There are only a handful of men alive who can be credited with taking Funakoshi’s Okinawan art form and contibuting to the development of what we know today as traditional Karate-Do. With the passing of Taiji Kase Sensei, we have lost another ‘first generation’ JKA Master and (later in life) founder of a new Ryu-Ha.
Kase Sensei was, to say the least – different. If there is such a thing as a model Shotokan exponent and teacher, he did not fit it, either in appearance or philosophy. It was clear to most that his brand of Karate was outside the mainstream.
Taiji Kase was born in Japan on January 9th, 1929. His father was a Judo Instructor, so it was no wonder that he started Judo very early in his life around the age of 6. In his Judo days he came to know such masters as Kyuzo Mifune and Masahiko Kimura and he trained briefly with Mas Oyama the founder of Kyokushin Karate. In 1944 at the age of 15, he was graded to Judo 2nd Dan. That same year, after reading Gichin Funakoshi’s book ‘Karate-do Kyohan’ he began practicing Karate at the Shoto Kan, master Funakoshi’s Dojo. Kase Sensei has said the following about those days;
‘In 1944 the people who owned a Katana, firearm or practiced Karate had to inform the police about it, because they considered it a weapon, which was not the case with the other martial arts. At this time, I was practicing both Judo and Karate. When I was about to obtain 3rd Dan in Judo, I had to stop practicing it, since Karate took most of my time’.
Funakoshi Sensei’s 3rd son Yoshitaka had a great influence on Kase in his formative years. Yoshitaka or Gigo as he was known, was by some accounts a Karate genius who enhanced his fathers teachings with his own interpretations. Genshin Hironishi was another teacher at the Shoto Kan who had a great affect on Kase who, throughout his life was to remain very much connected to the teachings of these two masters. In his early days, Kase Sensei also practiced Aikido with the founder ‘O Sensei’ Morihei Ueshiba. At 16, he enlisted in the Imperial Navy but the war ended that year, so it was against the backdrop of post-war Japan that he continued his training and education. But the Shoto Kan had been destroyed in Allied bombing raids and the young Kase was not able to find a Dojo so he went back to Judo until Funakoshi Sensei re-formed the Shoto Kan group. In 1946, he graded Shodan in Karate-Do and in 1949, as captain of the Senshu University team, he graded Sandan. At that grading, Takagi the captain of Chuo University and Shimamura the captain of Takushoku (and Sempai to master Nishiyama) obtained the same rank of 3rd Dan. In 1951, he graduated from Senshu with a degree in Economic Science.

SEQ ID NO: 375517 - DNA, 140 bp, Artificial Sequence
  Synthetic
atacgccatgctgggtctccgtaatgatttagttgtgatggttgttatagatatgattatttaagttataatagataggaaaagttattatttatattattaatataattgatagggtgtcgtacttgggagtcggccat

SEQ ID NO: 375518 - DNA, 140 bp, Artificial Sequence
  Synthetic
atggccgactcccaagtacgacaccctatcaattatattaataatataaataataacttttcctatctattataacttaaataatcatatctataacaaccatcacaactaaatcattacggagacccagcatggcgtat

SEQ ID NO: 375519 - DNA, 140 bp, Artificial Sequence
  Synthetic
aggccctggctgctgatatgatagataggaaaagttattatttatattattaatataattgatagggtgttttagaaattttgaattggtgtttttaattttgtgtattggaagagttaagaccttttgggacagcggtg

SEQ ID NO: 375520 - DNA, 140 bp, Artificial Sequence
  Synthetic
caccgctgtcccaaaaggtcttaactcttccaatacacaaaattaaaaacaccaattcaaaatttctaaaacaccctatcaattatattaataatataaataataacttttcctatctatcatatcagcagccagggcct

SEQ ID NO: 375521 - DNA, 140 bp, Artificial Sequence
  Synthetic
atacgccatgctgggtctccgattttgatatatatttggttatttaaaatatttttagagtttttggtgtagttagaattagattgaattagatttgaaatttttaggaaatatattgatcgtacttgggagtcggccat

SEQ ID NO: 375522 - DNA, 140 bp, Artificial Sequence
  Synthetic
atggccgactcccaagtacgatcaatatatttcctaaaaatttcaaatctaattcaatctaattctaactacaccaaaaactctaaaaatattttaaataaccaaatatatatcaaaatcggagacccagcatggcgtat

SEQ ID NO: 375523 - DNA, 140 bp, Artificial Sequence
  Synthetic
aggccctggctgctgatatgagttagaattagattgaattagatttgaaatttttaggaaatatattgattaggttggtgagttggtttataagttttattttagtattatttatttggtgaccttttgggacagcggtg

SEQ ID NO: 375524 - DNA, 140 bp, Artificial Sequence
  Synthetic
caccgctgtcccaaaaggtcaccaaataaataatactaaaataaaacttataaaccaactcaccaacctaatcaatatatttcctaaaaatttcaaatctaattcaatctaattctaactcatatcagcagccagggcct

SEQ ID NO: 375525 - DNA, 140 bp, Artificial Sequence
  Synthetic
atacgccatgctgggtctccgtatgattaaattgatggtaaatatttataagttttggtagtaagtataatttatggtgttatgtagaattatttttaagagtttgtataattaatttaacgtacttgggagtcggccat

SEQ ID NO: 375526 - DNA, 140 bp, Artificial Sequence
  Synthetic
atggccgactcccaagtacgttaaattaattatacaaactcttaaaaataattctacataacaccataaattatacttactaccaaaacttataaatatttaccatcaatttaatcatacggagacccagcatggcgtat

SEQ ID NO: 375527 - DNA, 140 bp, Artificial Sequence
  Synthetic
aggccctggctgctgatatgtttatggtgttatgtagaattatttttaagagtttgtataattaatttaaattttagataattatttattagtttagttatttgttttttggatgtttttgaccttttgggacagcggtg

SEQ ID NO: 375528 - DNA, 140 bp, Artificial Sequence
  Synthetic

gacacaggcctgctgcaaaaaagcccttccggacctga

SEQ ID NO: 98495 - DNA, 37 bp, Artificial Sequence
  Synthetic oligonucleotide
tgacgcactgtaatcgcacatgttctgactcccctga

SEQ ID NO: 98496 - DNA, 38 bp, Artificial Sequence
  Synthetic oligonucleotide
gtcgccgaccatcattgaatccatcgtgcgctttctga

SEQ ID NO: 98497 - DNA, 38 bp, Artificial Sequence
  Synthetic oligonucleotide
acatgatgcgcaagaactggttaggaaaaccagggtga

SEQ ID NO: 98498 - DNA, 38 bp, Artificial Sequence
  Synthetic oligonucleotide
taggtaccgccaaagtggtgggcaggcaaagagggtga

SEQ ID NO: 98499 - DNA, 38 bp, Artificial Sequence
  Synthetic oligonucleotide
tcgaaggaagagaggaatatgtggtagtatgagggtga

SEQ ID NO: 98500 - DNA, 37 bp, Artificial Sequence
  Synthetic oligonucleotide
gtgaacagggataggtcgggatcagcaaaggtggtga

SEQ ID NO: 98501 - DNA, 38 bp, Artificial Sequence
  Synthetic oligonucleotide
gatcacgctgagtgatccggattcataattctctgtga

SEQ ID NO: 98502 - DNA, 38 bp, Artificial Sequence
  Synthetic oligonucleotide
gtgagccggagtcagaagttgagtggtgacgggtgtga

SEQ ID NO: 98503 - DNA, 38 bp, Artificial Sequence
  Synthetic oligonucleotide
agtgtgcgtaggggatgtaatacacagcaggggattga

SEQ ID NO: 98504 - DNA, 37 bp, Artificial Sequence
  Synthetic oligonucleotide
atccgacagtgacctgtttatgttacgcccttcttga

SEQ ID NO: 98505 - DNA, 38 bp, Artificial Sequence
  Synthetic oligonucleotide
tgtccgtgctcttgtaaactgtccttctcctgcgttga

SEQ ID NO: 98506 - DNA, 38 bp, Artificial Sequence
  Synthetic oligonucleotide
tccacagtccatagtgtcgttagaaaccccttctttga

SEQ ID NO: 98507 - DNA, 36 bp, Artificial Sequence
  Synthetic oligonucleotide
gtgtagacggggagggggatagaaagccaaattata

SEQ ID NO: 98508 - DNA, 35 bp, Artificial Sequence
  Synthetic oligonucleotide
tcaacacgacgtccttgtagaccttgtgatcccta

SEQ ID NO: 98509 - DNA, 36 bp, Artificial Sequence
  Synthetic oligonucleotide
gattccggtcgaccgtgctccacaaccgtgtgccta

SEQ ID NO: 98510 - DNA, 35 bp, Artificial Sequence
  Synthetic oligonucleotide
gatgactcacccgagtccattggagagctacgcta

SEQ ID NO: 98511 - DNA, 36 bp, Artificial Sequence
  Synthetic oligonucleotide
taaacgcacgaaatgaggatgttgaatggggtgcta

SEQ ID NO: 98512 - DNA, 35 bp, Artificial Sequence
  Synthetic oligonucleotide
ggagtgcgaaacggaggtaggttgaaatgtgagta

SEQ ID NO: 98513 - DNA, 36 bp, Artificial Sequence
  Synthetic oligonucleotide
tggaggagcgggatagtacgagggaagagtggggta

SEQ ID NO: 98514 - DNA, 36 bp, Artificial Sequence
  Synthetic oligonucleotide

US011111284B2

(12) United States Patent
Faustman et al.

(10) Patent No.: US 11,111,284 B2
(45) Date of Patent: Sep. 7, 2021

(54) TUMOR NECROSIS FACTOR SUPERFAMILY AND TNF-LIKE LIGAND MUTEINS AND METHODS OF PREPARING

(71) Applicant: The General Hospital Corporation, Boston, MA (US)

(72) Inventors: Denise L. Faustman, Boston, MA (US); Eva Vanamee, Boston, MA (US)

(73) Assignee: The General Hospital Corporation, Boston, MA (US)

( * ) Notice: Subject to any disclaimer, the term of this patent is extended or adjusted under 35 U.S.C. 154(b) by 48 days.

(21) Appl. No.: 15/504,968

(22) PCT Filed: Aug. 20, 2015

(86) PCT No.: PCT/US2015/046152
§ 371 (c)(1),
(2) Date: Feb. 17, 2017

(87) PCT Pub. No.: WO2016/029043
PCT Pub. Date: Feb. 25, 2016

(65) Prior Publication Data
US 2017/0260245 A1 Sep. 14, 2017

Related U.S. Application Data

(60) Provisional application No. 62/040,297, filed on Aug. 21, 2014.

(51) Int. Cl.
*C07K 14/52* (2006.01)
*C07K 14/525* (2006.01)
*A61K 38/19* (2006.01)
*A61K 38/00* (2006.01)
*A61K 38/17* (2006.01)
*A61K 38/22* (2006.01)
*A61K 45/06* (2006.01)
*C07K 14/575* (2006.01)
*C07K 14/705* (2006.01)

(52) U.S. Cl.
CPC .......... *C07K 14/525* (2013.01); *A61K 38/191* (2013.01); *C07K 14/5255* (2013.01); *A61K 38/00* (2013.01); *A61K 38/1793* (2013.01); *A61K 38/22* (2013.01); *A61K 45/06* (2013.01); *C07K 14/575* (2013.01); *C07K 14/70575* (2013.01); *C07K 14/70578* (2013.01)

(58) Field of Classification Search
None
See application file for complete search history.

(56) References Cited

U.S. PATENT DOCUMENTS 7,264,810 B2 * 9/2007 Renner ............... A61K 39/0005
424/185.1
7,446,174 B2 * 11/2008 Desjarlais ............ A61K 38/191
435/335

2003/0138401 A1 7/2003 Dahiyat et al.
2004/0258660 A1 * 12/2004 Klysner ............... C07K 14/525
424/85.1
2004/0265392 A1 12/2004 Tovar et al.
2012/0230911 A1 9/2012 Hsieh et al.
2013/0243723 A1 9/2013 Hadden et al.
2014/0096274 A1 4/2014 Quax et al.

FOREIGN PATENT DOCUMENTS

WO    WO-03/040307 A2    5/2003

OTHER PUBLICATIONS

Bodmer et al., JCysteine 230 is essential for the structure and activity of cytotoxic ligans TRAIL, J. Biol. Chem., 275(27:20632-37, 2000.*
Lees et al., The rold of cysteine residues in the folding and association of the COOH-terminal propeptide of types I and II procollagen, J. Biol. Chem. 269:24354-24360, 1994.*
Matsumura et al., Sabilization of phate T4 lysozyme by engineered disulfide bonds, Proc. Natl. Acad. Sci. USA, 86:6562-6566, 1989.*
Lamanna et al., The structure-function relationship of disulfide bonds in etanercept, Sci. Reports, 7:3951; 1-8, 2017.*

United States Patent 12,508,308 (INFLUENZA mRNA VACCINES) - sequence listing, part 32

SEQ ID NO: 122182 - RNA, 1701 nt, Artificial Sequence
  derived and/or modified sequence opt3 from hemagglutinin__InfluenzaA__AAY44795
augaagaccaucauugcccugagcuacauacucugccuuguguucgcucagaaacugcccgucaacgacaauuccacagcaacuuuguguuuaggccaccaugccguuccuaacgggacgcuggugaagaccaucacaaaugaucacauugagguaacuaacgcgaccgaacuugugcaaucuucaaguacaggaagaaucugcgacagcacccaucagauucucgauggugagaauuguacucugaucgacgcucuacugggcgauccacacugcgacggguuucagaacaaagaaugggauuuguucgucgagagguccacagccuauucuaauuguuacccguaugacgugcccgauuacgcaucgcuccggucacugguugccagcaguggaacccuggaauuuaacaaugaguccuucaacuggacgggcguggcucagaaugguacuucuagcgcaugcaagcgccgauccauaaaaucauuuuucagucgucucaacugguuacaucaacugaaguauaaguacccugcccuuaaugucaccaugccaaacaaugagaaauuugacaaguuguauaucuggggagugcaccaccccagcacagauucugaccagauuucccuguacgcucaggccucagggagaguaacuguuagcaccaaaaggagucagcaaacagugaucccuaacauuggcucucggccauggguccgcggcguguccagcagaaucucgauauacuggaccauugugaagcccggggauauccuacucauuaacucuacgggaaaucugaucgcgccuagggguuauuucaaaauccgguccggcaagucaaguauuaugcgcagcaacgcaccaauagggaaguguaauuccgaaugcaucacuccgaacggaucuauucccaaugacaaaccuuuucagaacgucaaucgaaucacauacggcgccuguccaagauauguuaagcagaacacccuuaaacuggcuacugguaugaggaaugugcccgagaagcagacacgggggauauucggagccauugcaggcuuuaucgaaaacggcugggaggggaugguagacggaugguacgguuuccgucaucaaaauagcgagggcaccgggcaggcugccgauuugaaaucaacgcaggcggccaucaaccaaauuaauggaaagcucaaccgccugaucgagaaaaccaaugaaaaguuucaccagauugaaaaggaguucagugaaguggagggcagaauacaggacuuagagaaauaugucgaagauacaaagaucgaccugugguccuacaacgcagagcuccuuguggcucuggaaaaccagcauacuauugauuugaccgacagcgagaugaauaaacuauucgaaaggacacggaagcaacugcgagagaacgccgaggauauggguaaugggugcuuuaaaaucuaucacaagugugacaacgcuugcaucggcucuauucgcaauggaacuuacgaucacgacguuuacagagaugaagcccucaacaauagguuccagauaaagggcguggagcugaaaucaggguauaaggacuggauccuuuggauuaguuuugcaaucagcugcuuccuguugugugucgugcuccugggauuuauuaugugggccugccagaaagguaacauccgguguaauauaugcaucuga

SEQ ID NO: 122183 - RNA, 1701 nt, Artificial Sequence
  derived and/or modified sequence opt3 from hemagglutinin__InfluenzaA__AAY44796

Master Kase wanted to become a professional Instructor, so he joined the newly formed Japan Karate Association, the institution founded by Funakoshi Sensei’s senior group headed by Masatoshi Nakayama who remained JKA Chief Instructor until his death in 1987. The JKA was the worlds first ever properly constituted Karate body with a stated purpose. It was appointed by the Japanese government to teach Karate in the education curriculum and had a policy to expand Budo Karate worldwide. At the JKA, Kase Sensei helped in the development of many younger Instructors such as Enoeda, Ochi, Shirai and others. It is also said that at that time he eagerly took on the responsibility of dealing with the “challenges” against the JKA, which evidently took place often.
In 1964, the year of the Tokyo Olympic Games, Kase Sensei left Japan as part of the of the JKA’s plan to globalise Karate. That year he spent time in South Africa and here again, in 1965 he taught alongside masters Kanazawa, Enoeda and Shirai. Shortly after that he conducted a tour of the USA and Germany, then went to the Netherlands and Belgium. In 1967 he spent time in Milan helping Master Shirai establish himself as Chief Instructor in Italy, then in 1967 he arrived in France where he was to settle permanently. Stories abound about the early days in Paris where it seems Kase Sensei had to prove himself by standing up to several direct physical challenges from French Karate champions of the day. Henry Plee, the man known as the pioneer of French Karate spoke about this when he said that, once you saw Taiji Kase in action, you admired and respected him because, ‘he goes directly to the essential. Technique for him is only the means – what is really important is the result’.
Kase Sensei’s brand of Karate was naturally suited to his body type. He was possessed of a very stocky but strong physique with short legs and arms, but incredibly his waza defied his appearance. He would routinely hold classes where nothing but keri waza was practiced. Not just the front and side kicks, but every conceivable variation of hook-kick, reverse roundhouse kick, heel kick, inside front roundhouse kick etc etc. For sure, Kase Sensei had at some point become determined to be a kicking specialist despite not having the long skeletal structure thought to be necessary for good keri-waza. Whilst his leg techniques amazed everybody, his open hand techniques, his fast and precise movement and his unique Kamae were also special.